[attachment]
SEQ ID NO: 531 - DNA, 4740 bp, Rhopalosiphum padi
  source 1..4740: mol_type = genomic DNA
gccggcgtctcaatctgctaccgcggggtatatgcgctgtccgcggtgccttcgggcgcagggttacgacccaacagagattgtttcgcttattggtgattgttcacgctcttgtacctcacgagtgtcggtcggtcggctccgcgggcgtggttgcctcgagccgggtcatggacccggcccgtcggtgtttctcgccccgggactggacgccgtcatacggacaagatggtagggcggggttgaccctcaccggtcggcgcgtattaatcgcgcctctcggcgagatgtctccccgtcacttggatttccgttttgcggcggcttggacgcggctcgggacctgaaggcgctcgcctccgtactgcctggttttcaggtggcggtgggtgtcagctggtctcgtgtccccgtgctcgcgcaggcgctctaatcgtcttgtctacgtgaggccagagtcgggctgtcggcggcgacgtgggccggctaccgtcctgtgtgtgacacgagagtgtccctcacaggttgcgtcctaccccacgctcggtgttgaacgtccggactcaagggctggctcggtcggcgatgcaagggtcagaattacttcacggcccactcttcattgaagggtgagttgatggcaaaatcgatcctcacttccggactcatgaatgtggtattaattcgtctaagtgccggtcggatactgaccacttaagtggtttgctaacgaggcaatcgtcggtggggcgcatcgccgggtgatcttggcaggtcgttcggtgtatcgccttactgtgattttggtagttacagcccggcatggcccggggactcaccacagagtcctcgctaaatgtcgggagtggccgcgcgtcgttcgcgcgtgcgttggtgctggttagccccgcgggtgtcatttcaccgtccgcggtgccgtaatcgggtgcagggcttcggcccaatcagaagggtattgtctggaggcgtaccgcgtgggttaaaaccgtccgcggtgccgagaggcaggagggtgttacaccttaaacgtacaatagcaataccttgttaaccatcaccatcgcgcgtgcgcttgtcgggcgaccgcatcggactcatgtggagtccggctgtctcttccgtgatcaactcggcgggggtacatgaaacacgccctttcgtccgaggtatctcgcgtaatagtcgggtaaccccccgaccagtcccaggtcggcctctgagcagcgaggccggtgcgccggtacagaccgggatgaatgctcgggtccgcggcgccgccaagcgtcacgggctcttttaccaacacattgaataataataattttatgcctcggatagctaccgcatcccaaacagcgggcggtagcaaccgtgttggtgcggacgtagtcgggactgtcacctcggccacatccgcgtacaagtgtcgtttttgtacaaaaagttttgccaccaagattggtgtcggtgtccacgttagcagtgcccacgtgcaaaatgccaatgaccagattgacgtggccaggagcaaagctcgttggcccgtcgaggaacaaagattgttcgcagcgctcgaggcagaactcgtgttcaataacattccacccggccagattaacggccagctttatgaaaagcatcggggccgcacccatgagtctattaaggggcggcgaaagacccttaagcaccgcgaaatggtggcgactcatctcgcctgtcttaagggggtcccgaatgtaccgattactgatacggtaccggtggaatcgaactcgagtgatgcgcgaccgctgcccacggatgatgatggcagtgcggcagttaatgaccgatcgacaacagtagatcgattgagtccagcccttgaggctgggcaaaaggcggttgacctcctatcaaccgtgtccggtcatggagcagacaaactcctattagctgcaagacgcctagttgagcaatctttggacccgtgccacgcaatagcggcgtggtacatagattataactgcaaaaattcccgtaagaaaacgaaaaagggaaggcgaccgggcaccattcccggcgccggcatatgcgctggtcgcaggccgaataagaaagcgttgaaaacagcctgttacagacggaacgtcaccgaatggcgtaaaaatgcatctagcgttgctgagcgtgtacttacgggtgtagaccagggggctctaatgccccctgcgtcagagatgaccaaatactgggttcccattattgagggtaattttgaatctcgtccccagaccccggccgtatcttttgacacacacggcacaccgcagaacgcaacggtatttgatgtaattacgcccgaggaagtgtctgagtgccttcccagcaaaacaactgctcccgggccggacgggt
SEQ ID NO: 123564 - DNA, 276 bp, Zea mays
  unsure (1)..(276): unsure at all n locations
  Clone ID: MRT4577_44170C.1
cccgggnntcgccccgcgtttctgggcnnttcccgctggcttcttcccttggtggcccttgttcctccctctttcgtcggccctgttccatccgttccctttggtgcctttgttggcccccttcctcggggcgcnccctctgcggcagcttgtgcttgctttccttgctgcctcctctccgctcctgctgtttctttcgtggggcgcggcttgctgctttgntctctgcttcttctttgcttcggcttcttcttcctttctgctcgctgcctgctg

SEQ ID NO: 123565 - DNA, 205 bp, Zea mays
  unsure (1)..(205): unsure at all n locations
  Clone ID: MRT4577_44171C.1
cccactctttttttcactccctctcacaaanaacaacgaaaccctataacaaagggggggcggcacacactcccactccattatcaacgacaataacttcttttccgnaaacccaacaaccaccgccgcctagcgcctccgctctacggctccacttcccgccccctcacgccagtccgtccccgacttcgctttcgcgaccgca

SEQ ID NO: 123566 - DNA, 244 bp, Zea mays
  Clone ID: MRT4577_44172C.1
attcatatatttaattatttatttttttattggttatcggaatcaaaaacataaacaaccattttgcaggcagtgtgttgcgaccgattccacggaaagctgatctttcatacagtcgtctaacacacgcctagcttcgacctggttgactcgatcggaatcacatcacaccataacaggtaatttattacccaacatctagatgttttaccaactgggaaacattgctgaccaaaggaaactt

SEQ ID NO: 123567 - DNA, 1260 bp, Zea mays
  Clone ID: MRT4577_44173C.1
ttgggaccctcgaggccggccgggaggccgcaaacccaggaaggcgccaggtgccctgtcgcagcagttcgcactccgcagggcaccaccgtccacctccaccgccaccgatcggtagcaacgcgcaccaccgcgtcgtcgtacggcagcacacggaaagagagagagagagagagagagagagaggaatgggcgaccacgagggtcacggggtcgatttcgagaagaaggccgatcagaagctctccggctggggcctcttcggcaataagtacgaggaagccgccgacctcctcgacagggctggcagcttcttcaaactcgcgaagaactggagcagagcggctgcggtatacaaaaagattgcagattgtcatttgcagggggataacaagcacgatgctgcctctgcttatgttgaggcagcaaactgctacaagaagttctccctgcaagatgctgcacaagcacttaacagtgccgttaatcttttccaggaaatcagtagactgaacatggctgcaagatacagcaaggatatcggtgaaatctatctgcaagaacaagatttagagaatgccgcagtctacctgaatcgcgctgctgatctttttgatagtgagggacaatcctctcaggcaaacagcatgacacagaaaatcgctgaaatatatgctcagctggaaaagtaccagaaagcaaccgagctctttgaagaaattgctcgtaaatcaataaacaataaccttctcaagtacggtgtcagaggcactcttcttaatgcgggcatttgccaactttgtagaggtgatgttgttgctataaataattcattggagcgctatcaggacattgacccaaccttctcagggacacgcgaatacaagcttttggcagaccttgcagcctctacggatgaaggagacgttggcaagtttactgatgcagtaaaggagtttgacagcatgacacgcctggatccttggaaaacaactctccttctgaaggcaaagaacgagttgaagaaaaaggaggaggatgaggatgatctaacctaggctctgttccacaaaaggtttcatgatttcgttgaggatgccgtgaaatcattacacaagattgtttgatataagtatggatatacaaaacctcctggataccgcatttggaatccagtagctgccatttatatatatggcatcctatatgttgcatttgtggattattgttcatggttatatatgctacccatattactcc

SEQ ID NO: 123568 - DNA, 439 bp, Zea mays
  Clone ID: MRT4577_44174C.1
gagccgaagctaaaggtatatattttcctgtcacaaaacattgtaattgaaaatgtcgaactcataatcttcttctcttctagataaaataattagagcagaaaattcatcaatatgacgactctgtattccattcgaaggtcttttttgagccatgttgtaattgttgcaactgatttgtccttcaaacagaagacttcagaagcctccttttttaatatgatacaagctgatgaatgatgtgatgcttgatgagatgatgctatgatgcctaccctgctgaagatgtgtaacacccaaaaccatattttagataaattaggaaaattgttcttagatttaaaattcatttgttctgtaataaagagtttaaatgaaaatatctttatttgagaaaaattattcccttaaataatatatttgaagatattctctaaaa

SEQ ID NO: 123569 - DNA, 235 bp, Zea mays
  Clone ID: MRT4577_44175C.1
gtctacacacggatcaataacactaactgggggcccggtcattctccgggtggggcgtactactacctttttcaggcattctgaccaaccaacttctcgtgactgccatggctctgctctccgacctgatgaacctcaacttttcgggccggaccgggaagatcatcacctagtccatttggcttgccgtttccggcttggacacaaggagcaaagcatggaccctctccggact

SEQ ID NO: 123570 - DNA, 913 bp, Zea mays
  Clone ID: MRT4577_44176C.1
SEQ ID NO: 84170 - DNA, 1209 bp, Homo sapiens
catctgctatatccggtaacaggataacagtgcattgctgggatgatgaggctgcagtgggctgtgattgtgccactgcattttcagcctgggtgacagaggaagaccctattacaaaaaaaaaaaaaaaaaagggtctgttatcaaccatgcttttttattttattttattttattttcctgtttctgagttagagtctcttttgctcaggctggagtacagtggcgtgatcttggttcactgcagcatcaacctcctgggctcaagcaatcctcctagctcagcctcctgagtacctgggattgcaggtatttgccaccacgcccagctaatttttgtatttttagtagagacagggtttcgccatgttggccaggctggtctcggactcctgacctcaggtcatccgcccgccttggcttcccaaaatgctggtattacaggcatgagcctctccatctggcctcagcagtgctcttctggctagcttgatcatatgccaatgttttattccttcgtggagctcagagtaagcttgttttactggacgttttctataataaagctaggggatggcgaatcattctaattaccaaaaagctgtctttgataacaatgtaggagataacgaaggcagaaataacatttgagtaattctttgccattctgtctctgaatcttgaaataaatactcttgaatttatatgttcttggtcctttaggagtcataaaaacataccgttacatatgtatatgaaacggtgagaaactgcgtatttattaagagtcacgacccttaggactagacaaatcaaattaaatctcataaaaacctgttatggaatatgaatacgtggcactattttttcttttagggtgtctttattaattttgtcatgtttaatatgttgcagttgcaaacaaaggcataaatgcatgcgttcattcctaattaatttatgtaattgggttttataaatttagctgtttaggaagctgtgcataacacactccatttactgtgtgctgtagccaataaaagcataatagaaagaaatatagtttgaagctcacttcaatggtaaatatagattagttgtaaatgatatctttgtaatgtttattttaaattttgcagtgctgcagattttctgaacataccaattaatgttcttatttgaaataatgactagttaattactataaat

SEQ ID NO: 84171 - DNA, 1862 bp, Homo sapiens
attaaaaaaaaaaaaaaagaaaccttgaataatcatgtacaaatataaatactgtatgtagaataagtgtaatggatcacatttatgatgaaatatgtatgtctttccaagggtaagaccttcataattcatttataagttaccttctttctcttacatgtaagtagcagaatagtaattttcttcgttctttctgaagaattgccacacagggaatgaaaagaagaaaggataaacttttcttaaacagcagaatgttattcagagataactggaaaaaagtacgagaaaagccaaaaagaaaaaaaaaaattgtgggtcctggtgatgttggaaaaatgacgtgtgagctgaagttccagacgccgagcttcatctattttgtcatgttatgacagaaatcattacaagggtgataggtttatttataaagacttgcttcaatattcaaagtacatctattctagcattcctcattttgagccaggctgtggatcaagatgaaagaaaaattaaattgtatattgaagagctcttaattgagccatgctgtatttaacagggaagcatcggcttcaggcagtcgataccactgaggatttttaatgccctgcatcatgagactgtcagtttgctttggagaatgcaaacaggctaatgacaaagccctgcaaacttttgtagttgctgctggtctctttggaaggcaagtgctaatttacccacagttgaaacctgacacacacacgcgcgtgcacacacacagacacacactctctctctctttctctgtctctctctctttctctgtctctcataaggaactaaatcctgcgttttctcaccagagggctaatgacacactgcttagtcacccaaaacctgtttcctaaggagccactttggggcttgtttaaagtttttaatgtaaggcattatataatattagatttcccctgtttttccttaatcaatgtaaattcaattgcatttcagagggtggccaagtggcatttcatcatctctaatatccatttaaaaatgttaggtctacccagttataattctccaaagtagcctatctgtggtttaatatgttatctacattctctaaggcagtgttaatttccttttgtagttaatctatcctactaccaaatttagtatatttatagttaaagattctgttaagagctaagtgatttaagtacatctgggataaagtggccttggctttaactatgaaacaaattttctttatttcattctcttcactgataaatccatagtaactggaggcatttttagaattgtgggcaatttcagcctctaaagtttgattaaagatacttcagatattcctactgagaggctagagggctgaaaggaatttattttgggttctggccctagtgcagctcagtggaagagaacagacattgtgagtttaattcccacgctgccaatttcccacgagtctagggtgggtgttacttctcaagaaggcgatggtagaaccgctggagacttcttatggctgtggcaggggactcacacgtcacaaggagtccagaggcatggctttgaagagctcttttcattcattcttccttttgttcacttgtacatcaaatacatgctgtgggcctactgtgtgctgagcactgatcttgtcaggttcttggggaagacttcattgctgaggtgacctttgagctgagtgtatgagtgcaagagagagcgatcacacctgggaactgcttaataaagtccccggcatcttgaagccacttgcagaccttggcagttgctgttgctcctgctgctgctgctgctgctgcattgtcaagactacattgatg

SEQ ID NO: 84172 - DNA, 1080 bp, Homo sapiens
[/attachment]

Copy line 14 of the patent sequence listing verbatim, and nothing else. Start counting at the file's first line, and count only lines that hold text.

attcatatatttaattatttatttttttattggttatcggaatcaaaaacataaacaaccattttgcaggcagtgtgttgcgaccgattccacggaaagctgatctttcatacagtcgtctaacacacgcctagcttcgacctggttgactcgatcggaatcacatcacaccataacaggtaatttattacccaacatctagatgttttaccaactgggaaacattgctgaccaaaggaaactt